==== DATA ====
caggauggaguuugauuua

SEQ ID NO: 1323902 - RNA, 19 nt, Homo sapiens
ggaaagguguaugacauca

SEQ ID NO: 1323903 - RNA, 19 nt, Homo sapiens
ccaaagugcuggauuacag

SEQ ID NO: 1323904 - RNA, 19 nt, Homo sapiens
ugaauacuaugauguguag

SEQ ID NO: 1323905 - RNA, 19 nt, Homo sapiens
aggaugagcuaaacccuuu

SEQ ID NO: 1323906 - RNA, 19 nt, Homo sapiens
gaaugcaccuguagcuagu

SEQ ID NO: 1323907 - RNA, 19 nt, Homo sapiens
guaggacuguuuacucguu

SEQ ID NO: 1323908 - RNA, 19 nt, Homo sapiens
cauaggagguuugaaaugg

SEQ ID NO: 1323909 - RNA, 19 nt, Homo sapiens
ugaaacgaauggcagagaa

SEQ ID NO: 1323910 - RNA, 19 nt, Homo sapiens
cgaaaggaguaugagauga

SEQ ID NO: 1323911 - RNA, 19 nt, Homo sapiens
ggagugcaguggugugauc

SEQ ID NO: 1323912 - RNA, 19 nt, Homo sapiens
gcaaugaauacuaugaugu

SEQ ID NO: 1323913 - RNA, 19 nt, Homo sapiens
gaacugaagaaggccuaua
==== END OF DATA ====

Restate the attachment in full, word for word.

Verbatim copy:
caggauggaguuugauuua

SEQ ID NO: 1323902 - RNA, 19 nt, Homo sapiens
ggaaagguguaugacauca

SEQ ID NO: 1323903 - RNA, 19 nt, Homo sapiens
ccaaagugcuggauuacag

SEQ ID NO: 1323904 - RNA, 19 nt, Homo sapiens
ugaauacuaugauguguag

SEQ ID NO: 1323905 - RNA, 19 nt, Homo sapiens
aggaugagcuaaacccuuu

SEQ ID NO: 1323906 - RNA, 19 nt, Homo sapiens
gaaugcaccuguagcuagu

SEQ ID NO: 1323907 - RNA, 19 nt, Homo sapiens
guaggacuguuuacucguu

SEQ ID NO: 1323908 - RNA, 19 nt, Homo sapiens
cauaggagguuugaaaugg

SEQ ID NO: 1323909 - RNA, 19 nt, Homo sapiens
ugaaacgaauggcagagaa

SEQ ID NO: 1323910 - RNA, 19 nt, Homo sapiens
cgaaaggaguaugagauga

SEQ ID NO: 1323911 - RNA, 19 nt, Homo sapiens
ggagugcaguggugugauc

SEQ ID NO: 1323912 - RNA, 19 nt, Homo sapiens
gcaaugaauacuaugaugu

SEQ ID NO: 1323913 - RNA, 19 nt, Homo sapiens
gaacugaagaaggccuaua